It feels like this past month, we have witnessed an unprecedented level of public concern about climate change. Thousands of children are striking during school hours to get the attention of the older generations in power, through the #fridaysforfuture movement.
London’s otherwise smooth-running transport infrastructure was interrupted for days on end by the Extinction Rebellion protests, calling for greater government action on climate change mitigation.
Even at home, David Attenborough is telling millions of Netflix and BBC viewers about the destructive impact we are having on the environment through two new documentary series. Climate change is on people’s minds – reflected with a five-fold increase in Google searches of ‘climate change’ over the last year.
All of this has seemingly culminated in the release of a special report by the official advisory group to the UK government on climate matters – the UK Climate Change Committee (CCC) – proposing a revision to the UK’s climate change mitigation commitments. Just more than ten years ago, the UK had set its first CO2 reduction targets through the Climate Change Act – but with the amassing scientific evidence underscoring the urgency to act, these had to be set at a more ambitious level.
The CCC report proposes a ‘net-zero’ emissions target for Scotland by 2045, and 2050 for the rest of the UK. While UK MPs have approved a motion declaring a state of ‘climate change emergency’ on 1 May, we are now waiting for a legal framework to follow this and provide more concrete drivers for a green economy transition.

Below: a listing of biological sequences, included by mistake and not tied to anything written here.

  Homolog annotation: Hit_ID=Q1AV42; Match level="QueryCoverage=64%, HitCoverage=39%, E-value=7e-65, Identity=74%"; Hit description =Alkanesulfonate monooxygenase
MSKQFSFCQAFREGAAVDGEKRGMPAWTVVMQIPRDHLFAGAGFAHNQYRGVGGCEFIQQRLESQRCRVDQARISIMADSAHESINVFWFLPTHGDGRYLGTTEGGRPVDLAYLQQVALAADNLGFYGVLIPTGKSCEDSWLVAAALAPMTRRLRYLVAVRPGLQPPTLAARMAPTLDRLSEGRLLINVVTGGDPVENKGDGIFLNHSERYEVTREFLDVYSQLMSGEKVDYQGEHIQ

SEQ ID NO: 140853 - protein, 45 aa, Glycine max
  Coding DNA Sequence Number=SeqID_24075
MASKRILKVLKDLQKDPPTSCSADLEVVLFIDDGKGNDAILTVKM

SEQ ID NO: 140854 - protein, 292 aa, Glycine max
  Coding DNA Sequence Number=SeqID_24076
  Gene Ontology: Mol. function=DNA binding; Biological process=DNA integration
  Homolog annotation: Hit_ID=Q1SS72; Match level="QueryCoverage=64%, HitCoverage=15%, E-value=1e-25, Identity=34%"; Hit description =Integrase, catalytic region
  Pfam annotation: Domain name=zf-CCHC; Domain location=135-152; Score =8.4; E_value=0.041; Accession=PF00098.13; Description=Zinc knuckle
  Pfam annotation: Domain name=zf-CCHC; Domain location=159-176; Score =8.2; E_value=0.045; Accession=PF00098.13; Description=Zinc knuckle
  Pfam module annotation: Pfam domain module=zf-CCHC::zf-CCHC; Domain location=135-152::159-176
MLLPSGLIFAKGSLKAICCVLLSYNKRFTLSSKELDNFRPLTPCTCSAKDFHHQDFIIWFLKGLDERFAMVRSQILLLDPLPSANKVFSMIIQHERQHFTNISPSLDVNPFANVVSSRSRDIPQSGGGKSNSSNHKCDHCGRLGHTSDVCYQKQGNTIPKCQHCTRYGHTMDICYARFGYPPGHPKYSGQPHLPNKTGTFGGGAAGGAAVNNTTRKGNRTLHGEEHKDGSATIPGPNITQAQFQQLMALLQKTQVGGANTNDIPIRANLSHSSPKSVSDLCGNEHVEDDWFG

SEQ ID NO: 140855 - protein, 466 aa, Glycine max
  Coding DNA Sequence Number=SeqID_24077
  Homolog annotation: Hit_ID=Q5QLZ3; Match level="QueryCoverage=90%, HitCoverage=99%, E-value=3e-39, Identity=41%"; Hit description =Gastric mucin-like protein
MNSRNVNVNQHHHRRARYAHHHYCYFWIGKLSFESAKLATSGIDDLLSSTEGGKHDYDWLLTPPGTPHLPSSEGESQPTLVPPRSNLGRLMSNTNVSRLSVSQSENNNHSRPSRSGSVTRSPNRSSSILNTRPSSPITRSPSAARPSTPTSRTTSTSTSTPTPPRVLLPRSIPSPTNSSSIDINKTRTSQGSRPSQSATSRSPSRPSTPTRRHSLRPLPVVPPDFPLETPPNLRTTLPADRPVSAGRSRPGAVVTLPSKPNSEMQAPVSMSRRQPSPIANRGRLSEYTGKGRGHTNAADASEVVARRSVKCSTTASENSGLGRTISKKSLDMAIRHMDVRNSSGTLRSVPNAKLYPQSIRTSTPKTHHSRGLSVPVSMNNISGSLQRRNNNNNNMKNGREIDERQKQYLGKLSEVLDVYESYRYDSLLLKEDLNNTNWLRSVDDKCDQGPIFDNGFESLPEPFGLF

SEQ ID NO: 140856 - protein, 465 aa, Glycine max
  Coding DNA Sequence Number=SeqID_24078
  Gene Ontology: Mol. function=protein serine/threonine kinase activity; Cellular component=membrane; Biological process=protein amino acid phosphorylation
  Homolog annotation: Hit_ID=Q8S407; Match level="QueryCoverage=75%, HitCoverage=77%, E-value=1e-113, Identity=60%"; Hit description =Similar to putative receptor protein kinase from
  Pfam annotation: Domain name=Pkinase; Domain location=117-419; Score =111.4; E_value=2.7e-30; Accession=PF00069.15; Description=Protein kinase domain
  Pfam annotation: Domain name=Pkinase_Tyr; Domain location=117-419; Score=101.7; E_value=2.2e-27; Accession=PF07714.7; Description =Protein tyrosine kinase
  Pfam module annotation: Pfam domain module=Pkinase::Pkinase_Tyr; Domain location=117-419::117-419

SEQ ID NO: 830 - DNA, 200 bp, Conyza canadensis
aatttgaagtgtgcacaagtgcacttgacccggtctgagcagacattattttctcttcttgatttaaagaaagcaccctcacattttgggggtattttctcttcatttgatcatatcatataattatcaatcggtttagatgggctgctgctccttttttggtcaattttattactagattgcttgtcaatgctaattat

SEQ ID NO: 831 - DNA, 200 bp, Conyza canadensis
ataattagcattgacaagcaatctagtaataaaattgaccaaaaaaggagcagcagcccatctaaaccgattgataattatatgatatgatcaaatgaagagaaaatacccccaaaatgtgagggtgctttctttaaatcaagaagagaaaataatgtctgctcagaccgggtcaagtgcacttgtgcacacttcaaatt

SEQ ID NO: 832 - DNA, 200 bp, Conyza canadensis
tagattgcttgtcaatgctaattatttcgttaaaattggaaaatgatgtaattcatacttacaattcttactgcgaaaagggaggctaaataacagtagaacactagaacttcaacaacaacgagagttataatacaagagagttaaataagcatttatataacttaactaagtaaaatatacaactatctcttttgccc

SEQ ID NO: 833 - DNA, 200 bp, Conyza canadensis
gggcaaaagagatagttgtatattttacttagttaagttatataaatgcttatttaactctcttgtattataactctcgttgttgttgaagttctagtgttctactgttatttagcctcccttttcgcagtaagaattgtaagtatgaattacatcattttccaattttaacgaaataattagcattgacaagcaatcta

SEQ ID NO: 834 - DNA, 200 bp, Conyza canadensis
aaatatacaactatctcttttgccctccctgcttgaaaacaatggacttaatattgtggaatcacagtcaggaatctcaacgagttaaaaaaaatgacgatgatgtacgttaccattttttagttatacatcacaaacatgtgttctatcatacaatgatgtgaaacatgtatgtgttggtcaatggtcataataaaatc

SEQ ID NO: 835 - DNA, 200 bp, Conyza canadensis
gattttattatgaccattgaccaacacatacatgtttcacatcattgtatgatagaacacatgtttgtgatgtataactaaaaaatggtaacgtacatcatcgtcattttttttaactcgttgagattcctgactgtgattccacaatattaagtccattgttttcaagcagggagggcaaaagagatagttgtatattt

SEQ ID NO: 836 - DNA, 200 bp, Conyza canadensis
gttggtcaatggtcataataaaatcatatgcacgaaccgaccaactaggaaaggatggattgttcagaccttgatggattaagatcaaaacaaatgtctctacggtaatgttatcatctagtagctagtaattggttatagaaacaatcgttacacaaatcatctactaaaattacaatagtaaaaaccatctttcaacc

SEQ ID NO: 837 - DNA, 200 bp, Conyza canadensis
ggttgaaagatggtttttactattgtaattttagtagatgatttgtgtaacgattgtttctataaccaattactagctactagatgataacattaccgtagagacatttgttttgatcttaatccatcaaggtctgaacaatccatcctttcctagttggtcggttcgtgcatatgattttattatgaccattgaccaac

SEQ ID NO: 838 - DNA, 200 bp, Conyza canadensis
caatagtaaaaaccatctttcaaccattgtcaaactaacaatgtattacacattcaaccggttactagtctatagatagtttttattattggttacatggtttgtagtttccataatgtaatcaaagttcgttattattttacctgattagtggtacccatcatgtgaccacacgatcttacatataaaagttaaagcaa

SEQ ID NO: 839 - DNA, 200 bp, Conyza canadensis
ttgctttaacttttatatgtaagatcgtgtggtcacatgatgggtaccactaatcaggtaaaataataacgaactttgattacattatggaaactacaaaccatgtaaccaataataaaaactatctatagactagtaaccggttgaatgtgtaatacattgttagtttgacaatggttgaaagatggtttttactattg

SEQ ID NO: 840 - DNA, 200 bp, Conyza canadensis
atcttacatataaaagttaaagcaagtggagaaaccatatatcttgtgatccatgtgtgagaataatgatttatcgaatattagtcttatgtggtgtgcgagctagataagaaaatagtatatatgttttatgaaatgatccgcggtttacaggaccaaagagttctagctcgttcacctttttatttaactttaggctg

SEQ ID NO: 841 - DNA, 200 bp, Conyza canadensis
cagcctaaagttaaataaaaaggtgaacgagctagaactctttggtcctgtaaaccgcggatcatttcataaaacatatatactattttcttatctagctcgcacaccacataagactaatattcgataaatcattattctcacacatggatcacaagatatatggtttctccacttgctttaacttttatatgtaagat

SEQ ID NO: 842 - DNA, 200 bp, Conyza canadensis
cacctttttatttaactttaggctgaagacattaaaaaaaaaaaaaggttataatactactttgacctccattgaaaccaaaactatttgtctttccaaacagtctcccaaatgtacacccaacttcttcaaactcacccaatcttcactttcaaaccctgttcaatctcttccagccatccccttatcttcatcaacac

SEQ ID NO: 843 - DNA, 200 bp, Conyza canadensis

With all this pressure, there are good reasons to be hopeful. We should not forget that we already have a good idea of what needs to change, we know the ‘blockers’ and ‘enablers’ to a net-zero UK.
As the 16-year-old climate activist Greta Thunberg said in her latest TEDx talk: “The climate crisis has already been solved. We already have all the facts and solutions. All we have to do is to wake up and change.” This change needs to be made through all of us – aligning our buying, investing and voting with a sustainable future.
Making a positive impact
We are firm believers that the financial sector can be a real catalyst in creating a net-zero-emissions society. Through shareholder engagement and active stewardship we can push any ‘blockers’ to do better, and hold these companies responsible to climate change targets.
Through impact investing (investing to maximise positive social/environmental impact and financial returns), companies that provide low-carbon solutions can gain access to cheaper cost of capital and be helped to scale. With more money being diverted to sustainable firms, the ‘snowball effect’ also encourages their peers to improve.
Through the EQ Positive Impact Portfolios, you can support the development of solutions to the climate change challenge. You would avoid any exposure to ‘blockers’ of a low-carbon economy, but intentionally invest in renewable energy technologies, energy efficiency, electric vehicle infrastructure or innovations for waste reduction.
To demonstrate this, we measure the absolute impacts that can be associated with the portfolio’s investments through our EQ impact calculator. For example, a £1 million investment in 2018 would have contributed to 195 tonnes of avoided CO2 emissions – roughly equivalent to taking 48 cars off the road.
We are excited about the developments in the impact investing space, and believe it can play an important role in transitioning to a carbon-neutral economy.
Join EQ Investors online on 27 June 2019
This article was written by Louisana Salge, an Impact Specialist at EQ Investors. The piece references several tools and materials offered by EQ Investors. You can find out more about EQ Investors and their discretionary investment services here ›